Ant thinks that her mother is considering having Tashi put to sleep, and she is so panicked at the thought that she takes Tashi to the zoo, even after Tashi's disastrous last trip to the zoo. Ant can't imagine life without her dog, and she is willing to risk every other relationship in her life for her dog. She doesn't trust her mother, and instead of asking her mother about her plans for Tashi, she assumes the worst and takes the situation into her own hands by hiding Tashi in her jacket once again. Yet she cares enough about Just Carol's trust to confess to her teacher what she has done, showing that she has learned something about the importance of telling the truth.
11. How do Elizabeth, Ant, Just Carol, and Mrs. MacPherson work together to keep Mr. MacPherson from moving the family to Connecticut?
Just Carol's conversations with Mrs. MacPherson have shown Ant's mom just how much Ant needs to know that her family is stable and loving, and Mrs. MacPherson has begun to see the positive influence of Just Carol on Ant. Elizabeth and Ant make a plan to convince their parents to stay in California: Ant will show her mother that her behavior is improving due to her influences in their current situation, and Elizabeth will talk to her father about the long winters in Connecticut that will stop him from playing golf year-round. Then Mrs. MacPherson, who had previously gone along with all of her husband's decisions to move, finally intervenes, asking her husband not to move the family away from Sarah's Road.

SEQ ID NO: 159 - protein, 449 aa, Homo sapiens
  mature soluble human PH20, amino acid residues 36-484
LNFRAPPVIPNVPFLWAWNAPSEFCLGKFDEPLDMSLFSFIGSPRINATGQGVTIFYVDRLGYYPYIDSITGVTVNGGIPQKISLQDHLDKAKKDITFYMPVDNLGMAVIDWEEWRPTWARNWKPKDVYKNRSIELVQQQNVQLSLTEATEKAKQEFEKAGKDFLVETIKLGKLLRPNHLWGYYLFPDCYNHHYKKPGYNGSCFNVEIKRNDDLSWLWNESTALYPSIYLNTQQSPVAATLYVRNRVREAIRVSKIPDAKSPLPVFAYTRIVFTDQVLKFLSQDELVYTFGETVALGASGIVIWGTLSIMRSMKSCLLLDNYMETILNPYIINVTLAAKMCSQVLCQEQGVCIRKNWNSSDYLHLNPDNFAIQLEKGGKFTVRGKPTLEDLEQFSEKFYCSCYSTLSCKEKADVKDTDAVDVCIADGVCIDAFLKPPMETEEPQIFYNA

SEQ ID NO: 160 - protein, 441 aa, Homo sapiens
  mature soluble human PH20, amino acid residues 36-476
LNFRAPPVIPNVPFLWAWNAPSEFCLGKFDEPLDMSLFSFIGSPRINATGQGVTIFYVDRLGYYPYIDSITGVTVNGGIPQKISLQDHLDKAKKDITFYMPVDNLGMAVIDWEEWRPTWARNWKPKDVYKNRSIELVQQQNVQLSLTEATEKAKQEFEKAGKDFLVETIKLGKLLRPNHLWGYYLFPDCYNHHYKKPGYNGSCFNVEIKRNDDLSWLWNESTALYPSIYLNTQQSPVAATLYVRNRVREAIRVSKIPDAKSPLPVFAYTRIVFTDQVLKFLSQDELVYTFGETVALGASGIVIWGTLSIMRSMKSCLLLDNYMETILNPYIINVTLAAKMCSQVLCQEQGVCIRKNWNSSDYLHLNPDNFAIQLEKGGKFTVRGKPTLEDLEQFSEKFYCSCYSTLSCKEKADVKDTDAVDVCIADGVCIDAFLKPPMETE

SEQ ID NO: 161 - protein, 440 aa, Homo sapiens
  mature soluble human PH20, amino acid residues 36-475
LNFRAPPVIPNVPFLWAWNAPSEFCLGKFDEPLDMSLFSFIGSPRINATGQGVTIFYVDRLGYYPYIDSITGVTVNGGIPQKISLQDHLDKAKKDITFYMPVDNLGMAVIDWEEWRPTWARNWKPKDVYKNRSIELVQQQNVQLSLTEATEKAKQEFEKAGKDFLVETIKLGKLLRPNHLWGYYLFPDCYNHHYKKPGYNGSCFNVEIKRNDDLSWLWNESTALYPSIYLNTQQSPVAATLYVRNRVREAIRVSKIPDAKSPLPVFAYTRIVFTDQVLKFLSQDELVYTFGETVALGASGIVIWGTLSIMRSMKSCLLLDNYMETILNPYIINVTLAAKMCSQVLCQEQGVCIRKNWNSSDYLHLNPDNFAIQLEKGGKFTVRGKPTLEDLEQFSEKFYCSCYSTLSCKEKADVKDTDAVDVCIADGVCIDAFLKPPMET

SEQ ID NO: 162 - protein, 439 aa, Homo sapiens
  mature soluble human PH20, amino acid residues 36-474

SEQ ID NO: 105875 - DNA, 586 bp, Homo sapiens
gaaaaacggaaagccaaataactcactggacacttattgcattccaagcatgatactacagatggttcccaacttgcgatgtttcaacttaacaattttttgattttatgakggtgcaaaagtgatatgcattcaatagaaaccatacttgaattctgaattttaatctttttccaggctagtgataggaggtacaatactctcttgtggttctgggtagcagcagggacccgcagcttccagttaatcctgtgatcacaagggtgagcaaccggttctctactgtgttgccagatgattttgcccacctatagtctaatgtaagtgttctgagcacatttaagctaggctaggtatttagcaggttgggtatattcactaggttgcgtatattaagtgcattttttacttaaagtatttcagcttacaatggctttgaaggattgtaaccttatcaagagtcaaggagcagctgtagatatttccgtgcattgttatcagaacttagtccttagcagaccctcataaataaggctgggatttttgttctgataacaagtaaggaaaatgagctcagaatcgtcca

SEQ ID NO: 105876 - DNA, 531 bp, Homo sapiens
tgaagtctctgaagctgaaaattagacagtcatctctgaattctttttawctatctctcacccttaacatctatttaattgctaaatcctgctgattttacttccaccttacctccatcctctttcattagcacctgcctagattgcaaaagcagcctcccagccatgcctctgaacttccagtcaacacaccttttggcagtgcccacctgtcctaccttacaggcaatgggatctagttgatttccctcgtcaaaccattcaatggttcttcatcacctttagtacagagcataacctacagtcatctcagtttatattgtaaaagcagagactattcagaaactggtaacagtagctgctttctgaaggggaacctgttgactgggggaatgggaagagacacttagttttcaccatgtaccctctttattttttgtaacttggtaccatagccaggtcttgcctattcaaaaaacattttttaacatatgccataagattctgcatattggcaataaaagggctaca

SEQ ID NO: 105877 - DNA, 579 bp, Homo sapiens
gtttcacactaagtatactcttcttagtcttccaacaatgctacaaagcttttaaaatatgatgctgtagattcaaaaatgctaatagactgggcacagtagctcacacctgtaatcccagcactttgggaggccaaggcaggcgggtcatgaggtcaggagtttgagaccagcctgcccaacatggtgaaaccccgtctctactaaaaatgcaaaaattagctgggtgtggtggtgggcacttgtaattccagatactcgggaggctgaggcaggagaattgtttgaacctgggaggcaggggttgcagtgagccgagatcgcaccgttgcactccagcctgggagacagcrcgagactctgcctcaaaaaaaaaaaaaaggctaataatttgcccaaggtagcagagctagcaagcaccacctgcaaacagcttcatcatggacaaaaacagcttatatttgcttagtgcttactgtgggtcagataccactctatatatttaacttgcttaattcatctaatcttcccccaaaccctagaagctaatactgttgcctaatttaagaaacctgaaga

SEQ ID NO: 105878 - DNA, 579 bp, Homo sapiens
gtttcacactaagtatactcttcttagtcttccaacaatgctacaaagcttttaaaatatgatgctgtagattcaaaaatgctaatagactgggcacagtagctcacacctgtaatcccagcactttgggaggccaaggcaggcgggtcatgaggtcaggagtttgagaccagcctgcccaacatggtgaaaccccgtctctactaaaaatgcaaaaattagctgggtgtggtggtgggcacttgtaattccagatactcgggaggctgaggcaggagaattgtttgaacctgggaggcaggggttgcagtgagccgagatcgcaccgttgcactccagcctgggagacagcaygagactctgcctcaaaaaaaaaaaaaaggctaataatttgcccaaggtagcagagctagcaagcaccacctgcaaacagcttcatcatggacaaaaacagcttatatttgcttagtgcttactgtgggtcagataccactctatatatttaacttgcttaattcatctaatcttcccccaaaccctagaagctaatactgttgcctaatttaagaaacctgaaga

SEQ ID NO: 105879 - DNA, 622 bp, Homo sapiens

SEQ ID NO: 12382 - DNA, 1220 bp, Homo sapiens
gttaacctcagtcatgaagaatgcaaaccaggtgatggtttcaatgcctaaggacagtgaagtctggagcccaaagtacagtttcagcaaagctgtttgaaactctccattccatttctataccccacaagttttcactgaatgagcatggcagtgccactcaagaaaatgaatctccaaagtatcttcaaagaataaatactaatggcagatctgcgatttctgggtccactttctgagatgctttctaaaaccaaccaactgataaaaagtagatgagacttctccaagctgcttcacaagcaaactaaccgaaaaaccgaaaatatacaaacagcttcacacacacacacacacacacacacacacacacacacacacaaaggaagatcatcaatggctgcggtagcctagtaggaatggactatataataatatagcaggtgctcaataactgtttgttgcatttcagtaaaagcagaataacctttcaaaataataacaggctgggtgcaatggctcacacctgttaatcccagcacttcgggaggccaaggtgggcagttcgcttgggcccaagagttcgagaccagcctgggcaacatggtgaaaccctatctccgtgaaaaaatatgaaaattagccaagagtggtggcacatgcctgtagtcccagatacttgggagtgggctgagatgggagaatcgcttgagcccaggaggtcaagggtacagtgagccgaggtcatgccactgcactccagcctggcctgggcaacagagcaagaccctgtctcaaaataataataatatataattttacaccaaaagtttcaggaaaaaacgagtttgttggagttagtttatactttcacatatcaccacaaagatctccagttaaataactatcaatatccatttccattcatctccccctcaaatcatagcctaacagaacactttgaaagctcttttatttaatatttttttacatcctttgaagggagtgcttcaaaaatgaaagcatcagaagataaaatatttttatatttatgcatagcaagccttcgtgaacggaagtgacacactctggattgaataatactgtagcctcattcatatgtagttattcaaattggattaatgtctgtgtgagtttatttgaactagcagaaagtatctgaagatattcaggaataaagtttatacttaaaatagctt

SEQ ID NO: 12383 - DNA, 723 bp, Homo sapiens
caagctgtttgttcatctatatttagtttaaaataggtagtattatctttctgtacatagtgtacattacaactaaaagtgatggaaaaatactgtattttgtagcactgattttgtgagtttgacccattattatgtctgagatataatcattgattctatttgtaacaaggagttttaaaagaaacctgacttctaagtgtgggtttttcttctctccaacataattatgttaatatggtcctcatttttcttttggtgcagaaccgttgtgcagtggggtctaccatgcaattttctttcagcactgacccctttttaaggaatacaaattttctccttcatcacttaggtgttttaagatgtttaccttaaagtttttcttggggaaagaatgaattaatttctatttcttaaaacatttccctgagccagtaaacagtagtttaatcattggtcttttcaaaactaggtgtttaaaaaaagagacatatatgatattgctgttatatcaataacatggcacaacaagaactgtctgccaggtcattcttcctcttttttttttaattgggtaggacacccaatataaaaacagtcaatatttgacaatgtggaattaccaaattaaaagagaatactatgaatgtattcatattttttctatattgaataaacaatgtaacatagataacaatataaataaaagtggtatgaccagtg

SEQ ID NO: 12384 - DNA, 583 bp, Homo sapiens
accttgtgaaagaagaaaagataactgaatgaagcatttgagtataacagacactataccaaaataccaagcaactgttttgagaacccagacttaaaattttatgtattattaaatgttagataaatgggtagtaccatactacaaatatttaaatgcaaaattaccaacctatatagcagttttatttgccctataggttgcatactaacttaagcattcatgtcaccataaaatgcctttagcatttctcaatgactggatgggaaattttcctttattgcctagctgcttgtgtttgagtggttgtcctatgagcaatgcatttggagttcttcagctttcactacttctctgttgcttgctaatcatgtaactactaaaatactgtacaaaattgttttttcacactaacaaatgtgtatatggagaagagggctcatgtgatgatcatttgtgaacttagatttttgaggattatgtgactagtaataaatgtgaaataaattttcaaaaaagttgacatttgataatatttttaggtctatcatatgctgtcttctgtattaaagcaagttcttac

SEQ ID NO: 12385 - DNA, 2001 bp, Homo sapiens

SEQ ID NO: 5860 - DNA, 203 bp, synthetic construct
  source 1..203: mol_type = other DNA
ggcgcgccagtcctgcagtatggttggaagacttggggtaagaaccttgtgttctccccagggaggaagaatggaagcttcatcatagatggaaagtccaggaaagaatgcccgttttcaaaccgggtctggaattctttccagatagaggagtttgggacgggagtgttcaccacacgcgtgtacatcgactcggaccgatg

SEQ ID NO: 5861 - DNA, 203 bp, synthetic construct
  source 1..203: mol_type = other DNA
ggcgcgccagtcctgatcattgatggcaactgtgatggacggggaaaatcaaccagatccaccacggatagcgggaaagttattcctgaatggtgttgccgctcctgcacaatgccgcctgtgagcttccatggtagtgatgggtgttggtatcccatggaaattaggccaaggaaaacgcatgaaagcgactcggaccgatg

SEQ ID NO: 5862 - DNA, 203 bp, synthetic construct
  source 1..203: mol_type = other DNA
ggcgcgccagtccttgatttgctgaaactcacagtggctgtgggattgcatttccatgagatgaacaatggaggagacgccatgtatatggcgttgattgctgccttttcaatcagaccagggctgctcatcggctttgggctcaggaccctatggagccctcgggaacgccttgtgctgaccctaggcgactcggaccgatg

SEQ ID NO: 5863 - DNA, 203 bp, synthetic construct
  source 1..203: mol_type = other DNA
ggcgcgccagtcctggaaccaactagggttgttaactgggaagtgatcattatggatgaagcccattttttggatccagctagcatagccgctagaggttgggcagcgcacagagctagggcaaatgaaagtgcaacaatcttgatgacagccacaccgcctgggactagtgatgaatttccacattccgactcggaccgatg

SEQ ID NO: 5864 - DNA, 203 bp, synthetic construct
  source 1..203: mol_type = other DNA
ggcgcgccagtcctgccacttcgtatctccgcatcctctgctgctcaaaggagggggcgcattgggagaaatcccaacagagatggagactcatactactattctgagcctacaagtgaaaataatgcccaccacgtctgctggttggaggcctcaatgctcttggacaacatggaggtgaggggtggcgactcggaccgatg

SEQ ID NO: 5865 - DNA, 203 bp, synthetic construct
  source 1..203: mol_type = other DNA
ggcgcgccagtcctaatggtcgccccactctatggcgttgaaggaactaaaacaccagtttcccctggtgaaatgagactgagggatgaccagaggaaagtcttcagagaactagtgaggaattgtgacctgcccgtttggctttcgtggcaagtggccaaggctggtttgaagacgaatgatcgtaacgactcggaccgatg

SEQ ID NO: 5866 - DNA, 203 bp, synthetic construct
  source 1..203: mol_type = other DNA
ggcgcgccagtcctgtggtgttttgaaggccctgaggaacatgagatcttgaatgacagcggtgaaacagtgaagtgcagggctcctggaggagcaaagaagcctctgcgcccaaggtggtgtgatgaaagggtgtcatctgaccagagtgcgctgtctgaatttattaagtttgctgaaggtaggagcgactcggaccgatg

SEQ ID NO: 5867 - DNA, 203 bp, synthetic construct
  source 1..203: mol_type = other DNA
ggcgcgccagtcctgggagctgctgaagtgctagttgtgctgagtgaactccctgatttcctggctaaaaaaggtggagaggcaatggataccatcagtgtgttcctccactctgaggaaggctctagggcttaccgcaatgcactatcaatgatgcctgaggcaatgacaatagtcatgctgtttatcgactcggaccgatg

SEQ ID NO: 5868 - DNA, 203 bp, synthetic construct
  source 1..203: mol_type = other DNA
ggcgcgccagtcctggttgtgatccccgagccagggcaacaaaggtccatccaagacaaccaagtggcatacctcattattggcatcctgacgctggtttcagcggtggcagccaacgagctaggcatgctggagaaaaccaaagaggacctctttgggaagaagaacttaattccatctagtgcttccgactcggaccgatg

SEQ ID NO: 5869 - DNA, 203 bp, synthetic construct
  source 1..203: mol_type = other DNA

12. By the end of the story, important things have changed for Ant. Do you think she will change and stop being a liar? Give reasons to support your answer.
Through the influence of Just Carol, Ant has learned the value of telling the truth so that others will trust her. She also begins to feel more valued by her mother who has told Ant that she is sorry for not accepting her and for giving preferential treatment to her sisters. In her final conversation with her mother, Ant is vulnerable with her mother for the first time, showing her mother how much she wants to be accepted and loved.
13. Who do you think is the "hero" of this story? Explain why you think this character did something brave and admirable.
Students will have various responses to this question. Many students will describe how Ant begins to be brave, vulnerable, and honest through the events here. Other students might mention Just Carol, who unselfishly and bravely tries to help Ant in a variety of ways, even risking her own position as a zoo volunteer.
Note: The following questions are keyed to Bloom's Taxonomy: Knowledge: 1–3; Comprehension: 4–5; Application: 6–7; Analysis: 8–9; Synthesis: 10–11; Evaluation: 12–13.